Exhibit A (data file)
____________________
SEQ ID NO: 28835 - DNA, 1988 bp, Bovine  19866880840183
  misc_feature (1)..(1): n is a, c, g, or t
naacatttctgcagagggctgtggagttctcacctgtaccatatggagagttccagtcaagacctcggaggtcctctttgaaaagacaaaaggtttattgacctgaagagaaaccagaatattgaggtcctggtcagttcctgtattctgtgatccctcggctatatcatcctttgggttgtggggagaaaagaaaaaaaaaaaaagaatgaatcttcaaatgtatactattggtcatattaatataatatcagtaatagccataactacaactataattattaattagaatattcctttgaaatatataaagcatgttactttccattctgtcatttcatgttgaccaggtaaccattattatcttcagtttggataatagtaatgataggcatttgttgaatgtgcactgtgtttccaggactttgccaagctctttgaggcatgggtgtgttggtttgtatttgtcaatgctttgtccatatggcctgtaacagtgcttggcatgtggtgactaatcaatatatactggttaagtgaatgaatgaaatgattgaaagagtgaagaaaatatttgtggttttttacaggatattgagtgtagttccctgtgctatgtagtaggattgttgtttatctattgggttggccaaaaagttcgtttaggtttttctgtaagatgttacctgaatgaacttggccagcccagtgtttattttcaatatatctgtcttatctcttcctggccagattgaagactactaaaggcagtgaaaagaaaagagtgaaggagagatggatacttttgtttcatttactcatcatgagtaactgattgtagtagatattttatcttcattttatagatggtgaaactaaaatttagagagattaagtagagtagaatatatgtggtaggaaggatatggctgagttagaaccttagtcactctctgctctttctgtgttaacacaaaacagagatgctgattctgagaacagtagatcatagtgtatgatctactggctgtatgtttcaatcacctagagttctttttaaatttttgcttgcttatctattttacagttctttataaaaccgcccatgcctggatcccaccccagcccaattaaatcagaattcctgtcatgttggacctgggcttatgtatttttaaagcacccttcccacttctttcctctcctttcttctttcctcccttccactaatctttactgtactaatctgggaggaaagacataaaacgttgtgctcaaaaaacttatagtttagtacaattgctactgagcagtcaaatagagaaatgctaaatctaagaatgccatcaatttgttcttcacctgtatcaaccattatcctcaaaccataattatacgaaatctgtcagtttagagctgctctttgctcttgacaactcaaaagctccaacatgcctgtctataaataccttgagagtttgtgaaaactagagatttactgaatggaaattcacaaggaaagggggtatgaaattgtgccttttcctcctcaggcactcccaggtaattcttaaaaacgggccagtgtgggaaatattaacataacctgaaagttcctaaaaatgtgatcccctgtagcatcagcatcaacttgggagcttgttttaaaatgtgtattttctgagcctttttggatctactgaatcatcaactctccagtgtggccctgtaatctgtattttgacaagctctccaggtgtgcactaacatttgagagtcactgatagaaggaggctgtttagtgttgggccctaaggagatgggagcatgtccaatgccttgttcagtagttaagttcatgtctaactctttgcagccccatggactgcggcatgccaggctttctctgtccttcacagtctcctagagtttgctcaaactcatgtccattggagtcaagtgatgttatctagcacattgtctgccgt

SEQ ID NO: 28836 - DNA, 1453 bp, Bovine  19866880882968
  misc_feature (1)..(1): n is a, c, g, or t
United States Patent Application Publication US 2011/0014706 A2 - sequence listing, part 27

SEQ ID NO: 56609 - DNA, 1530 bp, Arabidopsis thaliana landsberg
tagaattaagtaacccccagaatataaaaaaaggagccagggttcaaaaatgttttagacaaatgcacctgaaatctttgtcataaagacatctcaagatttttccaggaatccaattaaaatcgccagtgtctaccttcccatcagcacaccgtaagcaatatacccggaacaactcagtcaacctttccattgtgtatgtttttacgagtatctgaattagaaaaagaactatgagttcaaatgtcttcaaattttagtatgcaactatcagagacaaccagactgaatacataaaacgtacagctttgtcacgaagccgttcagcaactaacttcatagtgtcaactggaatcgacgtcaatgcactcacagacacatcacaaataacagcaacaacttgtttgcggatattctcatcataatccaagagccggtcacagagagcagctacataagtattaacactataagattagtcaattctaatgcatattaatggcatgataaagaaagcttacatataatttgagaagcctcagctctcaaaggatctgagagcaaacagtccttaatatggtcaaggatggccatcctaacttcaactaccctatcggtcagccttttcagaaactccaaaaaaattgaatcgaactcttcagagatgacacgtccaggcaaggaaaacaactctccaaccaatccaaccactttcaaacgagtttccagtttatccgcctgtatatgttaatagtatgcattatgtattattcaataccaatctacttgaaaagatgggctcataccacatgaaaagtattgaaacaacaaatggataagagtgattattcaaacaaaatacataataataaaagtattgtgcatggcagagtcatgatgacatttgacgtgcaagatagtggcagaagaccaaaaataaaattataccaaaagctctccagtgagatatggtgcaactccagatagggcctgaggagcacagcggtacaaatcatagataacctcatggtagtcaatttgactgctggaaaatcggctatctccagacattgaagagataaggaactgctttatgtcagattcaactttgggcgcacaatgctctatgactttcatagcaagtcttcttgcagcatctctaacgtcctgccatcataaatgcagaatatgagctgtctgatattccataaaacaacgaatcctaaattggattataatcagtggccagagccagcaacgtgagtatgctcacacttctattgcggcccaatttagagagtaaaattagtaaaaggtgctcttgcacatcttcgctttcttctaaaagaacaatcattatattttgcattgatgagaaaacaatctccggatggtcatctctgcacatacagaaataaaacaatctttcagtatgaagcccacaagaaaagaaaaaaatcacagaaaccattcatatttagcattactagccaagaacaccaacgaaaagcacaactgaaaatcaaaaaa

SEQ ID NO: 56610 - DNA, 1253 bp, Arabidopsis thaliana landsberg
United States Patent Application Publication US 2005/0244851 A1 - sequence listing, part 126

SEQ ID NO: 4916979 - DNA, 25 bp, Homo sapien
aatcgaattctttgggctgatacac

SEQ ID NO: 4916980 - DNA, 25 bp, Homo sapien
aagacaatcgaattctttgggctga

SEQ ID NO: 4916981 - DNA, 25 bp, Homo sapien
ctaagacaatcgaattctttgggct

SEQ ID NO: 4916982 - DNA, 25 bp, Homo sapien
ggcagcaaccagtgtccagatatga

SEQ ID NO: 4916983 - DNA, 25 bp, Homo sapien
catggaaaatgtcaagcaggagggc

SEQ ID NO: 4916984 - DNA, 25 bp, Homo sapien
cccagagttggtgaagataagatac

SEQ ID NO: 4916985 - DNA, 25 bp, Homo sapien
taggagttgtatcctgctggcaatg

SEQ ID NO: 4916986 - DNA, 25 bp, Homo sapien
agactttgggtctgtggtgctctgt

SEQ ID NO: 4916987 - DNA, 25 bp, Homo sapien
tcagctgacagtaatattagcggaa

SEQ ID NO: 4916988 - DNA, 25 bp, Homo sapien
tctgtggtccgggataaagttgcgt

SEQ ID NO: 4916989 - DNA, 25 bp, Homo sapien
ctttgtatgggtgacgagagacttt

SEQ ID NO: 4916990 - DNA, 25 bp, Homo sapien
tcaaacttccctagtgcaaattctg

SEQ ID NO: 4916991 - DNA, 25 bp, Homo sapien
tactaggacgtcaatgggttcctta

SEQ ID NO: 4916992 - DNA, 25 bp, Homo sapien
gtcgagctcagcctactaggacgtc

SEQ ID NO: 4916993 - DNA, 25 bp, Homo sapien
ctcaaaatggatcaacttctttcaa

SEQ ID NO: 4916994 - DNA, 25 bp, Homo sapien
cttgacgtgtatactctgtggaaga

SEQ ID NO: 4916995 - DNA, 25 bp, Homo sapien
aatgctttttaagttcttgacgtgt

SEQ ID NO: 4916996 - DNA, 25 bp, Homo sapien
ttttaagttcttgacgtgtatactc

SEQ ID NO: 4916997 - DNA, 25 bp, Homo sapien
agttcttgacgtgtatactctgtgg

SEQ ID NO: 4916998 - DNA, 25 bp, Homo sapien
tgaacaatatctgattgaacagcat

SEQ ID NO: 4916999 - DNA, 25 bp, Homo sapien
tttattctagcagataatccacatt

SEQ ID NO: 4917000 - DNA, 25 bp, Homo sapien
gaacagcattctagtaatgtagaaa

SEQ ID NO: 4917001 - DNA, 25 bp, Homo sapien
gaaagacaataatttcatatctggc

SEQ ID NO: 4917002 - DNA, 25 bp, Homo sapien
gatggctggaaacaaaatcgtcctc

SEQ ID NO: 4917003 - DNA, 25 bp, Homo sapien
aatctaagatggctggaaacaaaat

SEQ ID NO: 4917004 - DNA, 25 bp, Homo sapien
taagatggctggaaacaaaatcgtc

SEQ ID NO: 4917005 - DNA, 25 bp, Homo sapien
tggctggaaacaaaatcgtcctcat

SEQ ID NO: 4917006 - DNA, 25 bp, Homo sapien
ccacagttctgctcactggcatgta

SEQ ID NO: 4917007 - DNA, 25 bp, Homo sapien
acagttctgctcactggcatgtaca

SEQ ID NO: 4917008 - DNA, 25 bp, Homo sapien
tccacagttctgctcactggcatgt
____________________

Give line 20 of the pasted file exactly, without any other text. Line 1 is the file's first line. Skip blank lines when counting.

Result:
catggaaaatgtcaagcaggagggc